There is no doubt this is the symbol of capitalist America. It symbolises the power and symbolism of the United States around the world. When I looked up at it I remembered its original intention -- that to be a symbol of hope in the age of depression. The Chrysler Building is older, by one year, but the ESB was an emblem of confidence as the rest of America plunged into tough times. And it was one of the first buildings in the world to be helped by a movie. In 1933 King Kong climbed to its summit with Fay Wray and its image was flashed around the world. It was the tallest building in the New York until the completion of the World Trade Center in 1972. And sadly, after September 2001, it has sadly returned to that role.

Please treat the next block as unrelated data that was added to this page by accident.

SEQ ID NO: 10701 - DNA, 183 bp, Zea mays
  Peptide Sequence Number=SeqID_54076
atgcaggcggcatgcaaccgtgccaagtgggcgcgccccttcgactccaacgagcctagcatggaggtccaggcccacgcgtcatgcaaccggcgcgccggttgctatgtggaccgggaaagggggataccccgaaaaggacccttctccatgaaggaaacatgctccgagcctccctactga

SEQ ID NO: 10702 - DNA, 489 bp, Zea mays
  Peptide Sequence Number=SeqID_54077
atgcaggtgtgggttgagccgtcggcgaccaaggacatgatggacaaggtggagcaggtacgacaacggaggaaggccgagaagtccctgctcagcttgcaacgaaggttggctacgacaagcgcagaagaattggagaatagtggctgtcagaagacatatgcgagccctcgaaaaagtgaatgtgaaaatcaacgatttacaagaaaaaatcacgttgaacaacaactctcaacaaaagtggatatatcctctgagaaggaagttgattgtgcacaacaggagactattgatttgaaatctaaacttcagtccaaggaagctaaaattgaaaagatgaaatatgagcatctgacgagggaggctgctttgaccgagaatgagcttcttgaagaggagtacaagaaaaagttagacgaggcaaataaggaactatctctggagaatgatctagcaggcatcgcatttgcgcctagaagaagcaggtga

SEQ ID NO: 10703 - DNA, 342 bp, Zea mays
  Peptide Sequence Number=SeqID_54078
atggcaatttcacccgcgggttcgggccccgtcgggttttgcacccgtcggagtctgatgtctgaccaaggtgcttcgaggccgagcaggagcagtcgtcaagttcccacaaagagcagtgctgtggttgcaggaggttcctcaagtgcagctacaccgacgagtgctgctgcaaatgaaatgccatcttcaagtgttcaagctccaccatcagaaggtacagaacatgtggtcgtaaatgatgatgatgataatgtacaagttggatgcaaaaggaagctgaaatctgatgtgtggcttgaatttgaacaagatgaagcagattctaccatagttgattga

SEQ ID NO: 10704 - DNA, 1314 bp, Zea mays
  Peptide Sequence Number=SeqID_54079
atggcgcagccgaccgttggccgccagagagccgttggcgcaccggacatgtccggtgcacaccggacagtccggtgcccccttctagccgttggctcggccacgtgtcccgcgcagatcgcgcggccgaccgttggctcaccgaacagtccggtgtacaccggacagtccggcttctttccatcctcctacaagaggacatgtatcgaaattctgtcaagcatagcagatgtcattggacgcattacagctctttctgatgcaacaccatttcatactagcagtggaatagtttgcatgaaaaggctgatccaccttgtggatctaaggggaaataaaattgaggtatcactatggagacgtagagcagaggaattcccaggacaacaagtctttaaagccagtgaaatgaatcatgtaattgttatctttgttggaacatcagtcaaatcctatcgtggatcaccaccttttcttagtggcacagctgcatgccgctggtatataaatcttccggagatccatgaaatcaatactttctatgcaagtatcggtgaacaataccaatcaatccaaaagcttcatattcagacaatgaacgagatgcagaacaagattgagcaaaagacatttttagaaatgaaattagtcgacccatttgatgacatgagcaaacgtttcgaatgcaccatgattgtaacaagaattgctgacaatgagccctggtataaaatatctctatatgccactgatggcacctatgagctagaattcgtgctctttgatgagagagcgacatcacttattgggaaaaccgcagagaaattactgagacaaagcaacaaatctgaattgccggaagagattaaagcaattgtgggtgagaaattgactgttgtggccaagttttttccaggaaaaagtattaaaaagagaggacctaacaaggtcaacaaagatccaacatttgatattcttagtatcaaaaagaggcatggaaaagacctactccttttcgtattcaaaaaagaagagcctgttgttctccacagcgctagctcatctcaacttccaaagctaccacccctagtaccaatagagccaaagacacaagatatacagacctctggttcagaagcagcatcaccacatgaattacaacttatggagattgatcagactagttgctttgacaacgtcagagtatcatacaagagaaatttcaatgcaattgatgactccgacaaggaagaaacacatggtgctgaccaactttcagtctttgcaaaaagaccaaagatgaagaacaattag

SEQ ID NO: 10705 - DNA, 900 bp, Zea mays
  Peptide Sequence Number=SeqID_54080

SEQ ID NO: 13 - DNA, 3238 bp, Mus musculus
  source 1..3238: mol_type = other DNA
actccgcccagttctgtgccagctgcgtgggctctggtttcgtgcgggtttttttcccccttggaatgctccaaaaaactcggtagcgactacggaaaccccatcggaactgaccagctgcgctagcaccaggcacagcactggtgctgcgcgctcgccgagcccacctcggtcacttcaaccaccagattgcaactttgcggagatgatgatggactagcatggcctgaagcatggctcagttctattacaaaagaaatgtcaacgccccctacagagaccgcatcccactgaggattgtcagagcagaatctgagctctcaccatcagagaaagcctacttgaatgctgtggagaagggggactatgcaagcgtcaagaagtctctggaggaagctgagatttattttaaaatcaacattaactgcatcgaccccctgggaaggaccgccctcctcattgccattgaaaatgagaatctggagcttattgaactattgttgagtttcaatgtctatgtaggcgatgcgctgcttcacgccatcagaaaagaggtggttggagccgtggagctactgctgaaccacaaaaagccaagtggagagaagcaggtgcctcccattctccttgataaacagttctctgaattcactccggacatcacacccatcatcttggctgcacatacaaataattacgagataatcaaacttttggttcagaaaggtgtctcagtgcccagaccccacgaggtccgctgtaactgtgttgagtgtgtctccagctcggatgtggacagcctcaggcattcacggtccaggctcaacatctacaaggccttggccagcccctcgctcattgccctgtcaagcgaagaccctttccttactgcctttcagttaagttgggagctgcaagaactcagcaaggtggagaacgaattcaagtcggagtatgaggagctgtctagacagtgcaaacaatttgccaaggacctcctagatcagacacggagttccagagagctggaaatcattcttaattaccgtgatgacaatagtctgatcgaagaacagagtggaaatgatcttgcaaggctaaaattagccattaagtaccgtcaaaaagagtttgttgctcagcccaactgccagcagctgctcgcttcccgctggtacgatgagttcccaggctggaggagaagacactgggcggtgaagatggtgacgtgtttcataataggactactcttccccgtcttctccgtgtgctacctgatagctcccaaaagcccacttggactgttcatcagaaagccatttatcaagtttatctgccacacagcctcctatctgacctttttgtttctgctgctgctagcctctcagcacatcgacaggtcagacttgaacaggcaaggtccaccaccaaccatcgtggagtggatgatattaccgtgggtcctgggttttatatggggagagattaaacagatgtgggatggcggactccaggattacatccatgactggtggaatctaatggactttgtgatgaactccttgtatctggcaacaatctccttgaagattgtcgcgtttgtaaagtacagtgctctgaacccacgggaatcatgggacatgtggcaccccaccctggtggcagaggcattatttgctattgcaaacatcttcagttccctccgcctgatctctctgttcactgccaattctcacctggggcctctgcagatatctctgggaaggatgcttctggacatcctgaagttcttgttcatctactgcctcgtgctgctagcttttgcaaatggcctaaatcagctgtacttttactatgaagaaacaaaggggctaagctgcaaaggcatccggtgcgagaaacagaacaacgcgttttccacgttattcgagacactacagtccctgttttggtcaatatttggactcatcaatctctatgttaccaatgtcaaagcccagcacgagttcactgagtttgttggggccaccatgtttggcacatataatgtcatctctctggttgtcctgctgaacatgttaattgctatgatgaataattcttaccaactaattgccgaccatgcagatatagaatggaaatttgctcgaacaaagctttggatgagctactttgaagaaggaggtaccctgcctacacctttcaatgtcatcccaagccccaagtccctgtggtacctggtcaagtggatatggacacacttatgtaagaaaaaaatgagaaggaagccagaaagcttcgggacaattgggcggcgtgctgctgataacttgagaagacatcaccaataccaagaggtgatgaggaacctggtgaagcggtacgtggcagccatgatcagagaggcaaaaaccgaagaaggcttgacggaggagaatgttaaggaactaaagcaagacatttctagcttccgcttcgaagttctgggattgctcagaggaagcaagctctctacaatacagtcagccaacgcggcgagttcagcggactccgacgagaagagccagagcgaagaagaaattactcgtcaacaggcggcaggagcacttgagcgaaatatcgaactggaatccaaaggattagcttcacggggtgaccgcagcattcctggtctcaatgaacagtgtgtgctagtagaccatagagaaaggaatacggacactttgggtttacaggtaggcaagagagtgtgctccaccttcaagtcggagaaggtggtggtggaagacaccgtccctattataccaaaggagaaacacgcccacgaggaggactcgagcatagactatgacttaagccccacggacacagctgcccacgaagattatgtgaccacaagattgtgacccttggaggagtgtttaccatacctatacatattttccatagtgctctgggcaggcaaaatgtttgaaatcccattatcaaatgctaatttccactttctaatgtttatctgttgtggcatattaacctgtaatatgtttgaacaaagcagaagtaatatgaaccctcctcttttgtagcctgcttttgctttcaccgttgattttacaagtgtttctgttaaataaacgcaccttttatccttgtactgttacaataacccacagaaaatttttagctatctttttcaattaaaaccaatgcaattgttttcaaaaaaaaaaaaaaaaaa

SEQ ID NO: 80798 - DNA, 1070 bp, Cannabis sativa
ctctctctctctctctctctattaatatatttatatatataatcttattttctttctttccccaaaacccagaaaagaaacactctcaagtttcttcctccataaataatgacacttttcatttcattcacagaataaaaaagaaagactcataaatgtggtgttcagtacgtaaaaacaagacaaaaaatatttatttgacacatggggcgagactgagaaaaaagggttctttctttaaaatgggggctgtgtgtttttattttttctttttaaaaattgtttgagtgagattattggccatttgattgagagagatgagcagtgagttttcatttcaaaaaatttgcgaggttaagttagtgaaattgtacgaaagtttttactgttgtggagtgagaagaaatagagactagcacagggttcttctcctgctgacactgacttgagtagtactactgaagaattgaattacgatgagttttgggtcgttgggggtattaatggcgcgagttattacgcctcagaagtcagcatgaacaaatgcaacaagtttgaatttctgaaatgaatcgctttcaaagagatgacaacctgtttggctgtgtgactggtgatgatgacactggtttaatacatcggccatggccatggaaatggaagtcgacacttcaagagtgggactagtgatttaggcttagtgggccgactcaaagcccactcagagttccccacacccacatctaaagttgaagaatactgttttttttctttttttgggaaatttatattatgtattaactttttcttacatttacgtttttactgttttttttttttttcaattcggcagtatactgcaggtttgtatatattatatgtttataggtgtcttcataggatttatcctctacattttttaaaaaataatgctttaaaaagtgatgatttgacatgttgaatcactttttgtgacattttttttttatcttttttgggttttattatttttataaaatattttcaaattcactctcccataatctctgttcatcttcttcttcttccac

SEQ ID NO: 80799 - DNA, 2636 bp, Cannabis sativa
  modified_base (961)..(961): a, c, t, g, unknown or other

As a tourist you feel obliged to visit it. I made the pilgrimage eleven years ago and in 2003 it has been made more tourist-friendly but with tighter security. It is a good place to come to orientate yourself with Manhattan. From the observation gallery Manhattan looks like a manageable island. But before you ascend in the ear-popping elevators make time to see it from below in its entirety. I think the best view is from the 42nd St sidewalk near Bryant Park (see photo). From there the ESB looks spearlike and its art-deco lines and curves are at their most beautiful. From immediately below on Fifth Avenue or 34th Street it is easy to miss. Many a tourist has walked past without knowing it is there -- until they look up!